Vanuatu is an island archipelago in the western South Pacific with over 80 islands spanning about 810 miles (1300km) in distance, north to south, between the outermost islands. The region has rich biological diversity and is considered to be included within the Coral Triangle, a region recognized as the global center of marine biodiversity and a global priority for conservation. 90% of households fish and consume fish and their food security depends upon healthy oceans. Most of those families also farm the land, directly tying their food security to forestry and fishery practices. In Vanuatu connections between ocean, land, harvesting and conservation are explicit and immediate.
Vanuatu is also home to broad cultural diversity and vitality, with over 100 active languages still in use among 260,000 inhabitants, known as ni-Vanuatu. In a world where a language disappears roughly every 14 days, such rich diversity encompasses a wealth of traditional ecological knowledge managed within complex social communities. The Malvatu Mauri, or National Council of Chiefs, is a formal advisory body of chiefs recognised by the constitution of the Republic of Vanuatu. Members of the Council are elected by their fellow chiefs sitting in district councils of chiefs. The Council plays a significant role in advising the government on all matters concerning ni-Vanuatu culture and languages. ("Mal" means chief, "vatu" means stone, island, or place, and "mauri" means something that is alive.)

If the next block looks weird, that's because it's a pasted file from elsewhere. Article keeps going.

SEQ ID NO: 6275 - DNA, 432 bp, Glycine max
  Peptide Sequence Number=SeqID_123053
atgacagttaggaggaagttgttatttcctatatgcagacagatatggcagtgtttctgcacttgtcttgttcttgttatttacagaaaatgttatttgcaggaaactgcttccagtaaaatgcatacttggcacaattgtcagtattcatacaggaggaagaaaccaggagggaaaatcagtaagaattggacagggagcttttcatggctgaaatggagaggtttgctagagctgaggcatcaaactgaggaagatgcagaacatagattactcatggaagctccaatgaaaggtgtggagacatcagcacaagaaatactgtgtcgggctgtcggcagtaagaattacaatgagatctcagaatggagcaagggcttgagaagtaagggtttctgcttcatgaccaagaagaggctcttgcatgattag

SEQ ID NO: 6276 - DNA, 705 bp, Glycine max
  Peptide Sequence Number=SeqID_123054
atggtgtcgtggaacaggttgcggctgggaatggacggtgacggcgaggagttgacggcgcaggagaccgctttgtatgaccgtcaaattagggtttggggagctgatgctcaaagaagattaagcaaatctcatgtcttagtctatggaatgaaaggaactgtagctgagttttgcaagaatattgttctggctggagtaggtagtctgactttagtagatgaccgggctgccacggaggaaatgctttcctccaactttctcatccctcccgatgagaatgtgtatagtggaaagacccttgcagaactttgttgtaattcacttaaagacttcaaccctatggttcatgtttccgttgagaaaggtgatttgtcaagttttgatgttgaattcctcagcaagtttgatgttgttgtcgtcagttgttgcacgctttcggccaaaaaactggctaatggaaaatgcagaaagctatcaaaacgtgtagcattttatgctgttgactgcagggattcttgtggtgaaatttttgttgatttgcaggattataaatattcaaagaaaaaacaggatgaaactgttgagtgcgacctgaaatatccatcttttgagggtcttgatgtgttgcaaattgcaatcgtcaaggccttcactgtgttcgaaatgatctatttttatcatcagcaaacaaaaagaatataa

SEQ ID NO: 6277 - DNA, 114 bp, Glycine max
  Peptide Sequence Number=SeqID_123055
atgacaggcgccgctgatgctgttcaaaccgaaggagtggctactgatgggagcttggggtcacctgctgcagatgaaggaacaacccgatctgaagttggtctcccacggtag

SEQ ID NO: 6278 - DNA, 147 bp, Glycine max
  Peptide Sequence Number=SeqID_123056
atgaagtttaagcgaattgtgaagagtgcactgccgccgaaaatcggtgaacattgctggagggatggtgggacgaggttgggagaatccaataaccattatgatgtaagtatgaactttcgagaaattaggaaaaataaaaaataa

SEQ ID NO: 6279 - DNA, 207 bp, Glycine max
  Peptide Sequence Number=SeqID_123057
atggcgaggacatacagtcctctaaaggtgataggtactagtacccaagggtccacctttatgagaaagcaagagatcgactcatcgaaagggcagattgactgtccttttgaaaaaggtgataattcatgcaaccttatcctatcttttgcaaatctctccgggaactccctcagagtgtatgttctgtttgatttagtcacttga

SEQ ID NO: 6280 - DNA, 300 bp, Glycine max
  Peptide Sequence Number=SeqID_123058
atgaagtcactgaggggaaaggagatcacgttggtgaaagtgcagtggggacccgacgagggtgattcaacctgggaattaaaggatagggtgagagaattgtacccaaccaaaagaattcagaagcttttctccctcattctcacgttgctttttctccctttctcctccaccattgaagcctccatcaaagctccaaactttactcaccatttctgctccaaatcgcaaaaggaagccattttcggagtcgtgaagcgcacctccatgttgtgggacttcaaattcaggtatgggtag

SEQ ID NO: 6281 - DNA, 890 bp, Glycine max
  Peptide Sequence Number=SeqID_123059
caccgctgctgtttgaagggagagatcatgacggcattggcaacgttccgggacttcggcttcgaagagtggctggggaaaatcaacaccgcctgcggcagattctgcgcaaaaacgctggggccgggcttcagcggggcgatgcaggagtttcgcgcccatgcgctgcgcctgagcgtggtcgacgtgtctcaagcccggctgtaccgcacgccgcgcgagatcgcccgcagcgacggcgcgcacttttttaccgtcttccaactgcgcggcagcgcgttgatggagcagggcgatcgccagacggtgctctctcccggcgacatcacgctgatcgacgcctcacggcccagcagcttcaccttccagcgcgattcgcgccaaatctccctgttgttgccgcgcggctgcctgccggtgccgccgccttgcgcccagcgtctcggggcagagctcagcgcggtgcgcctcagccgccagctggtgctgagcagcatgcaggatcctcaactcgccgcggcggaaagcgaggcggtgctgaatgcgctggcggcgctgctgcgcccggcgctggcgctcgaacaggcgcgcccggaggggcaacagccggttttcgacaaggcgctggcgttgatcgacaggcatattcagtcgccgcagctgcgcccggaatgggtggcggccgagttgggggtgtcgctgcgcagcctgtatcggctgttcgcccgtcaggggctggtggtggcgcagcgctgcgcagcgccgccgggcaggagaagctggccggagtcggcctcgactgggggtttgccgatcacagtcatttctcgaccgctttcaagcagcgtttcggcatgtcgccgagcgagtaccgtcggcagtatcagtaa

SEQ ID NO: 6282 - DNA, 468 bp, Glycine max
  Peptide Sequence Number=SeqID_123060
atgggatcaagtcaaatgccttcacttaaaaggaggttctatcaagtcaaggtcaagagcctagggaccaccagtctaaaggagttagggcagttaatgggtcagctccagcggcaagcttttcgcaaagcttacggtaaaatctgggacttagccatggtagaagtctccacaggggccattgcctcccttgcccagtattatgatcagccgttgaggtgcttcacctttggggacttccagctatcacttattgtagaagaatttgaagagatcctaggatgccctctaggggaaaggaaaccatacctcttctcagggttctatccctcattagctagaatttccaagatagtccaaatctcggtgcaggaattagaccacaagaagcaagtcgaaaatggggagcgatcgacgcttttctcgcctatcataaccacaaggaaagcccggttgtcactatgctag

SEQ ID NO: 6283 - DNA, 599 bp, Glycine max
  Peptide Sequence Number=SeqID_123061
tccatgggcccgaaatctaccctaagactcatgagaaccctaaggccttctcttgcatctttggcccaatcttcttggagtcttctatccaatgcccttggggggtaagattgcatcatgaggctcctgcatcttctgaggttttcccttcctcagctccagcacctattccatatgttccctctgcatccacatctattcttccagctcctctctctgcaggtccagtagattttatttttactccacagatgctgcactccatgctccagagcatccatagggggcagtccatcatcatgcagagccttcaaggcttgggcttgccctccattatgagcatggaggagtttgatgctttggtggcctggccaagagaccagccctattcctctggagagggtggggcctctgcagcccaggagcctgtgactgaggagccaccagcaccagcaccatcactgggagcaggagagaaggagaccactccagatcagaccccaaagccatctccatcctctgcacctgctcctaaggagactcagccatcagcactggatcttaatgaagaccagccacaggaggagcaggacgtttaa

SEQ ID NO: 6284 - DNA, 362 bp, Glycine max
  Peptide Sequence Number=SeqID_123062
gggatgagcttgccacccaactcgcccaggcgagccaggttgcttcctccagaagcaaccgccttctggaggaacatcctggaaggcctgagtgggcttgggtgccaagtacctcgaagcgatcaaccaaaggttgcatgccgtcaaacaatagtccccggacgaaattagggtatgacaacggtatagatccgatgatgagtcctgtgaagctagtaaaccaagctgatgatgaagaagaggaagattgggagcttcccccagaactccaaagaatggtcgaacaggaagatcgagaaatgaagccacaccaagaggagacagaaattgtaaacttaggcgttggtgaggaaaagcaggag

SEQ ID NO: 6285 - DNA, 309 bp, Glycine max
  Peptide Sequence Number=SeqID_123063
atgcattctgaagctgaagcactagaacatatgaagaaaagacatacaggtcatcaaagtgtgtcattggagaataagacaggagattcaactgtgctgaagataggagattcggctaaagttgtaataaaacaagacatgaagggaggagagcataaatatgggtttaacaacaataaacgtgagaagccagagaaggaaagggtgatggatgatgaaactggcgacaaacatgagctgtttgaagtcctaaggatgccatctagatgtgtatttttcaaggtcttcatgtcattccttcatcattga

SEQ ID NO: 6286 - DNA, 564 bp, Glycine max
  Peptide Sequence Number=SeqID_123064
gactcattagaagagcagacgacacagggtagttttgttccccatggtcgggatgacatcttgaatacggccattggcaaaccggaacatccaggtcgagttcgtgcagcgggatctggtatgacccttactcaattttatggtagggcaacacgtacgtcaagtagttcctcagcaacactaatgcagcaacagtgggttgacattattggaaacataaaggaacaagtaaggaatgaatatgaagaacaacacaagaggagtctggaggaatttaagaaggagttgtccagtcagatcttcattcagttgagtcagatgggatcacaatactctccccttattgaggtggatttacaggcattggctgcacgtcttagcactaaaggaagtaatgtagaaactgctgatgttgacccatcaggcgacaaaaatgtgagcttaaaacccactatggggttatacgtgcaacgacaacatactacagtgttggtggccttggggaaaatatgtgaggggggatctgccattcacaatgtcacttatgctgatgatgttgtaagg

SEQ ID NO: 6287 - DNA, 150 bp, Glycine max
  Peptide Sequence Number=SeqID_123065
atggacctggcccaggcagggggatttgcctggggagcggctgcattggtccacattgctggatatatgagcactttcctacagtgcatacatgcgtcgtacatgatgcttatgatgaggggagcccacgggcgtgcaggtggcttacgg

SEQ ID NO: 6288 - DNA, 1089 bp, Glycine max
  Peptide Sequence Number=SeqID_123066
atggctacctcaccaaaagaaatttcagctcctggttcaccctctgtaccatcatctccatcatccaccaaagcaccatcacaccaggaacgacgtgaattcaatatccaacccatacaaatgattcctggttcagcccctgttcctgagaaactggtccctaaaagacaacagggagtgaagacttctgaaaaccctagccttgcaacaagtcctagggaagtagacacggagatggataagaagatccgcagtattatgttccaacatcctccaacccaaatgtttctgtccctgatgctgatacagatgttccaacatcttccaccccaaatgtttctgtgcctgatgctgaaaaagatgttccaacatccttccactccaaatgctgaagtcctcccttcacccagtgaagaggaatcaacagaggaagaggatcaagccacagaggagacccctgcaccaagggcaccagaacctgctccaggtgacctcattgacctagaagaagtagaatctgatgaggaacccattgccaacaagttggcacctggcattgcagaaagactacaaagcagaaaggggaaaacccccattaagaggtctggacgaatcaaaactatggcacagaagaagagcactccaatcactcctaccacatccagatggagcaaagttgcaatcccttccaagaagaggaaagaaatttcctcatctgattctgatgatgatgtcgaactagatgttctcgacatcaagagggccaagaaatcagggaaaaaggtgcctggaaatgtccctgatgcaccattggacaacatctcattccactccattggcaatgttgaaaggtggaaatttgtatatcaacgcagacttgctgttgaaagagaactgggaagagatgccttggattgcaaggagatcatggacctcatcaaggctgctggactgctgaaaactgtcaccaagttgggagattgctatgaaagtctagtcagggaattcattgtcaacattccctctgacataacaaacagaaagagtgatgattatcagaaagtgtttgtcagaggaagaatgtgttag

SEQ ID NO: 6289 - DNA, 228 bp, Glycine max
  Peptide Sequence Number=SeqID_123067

Vanuatu has strong and active movements which support small-scale, artisan livelihoods. While classed by the United Nation's as one of the world's poorest countries, there is a widespread and active campaign to recognize that well-being is not always best measured in strict monetary terms. The Vanuatu government and Chiefs' council stress the importance of supporting the vitality of traditional value systems as integral to Vanuatu's future and ability to adapt to climate change, population changes and encroaching economies of scale which are impacting the region's diversity with great speed and consequence.
On rethinking development and well-being for Vanuatu, by the Christensen Fund
The Critical Ecosystem Partnership Fund Ecosystem Profile, East Melanesian Islands Biodiversity Hotspot
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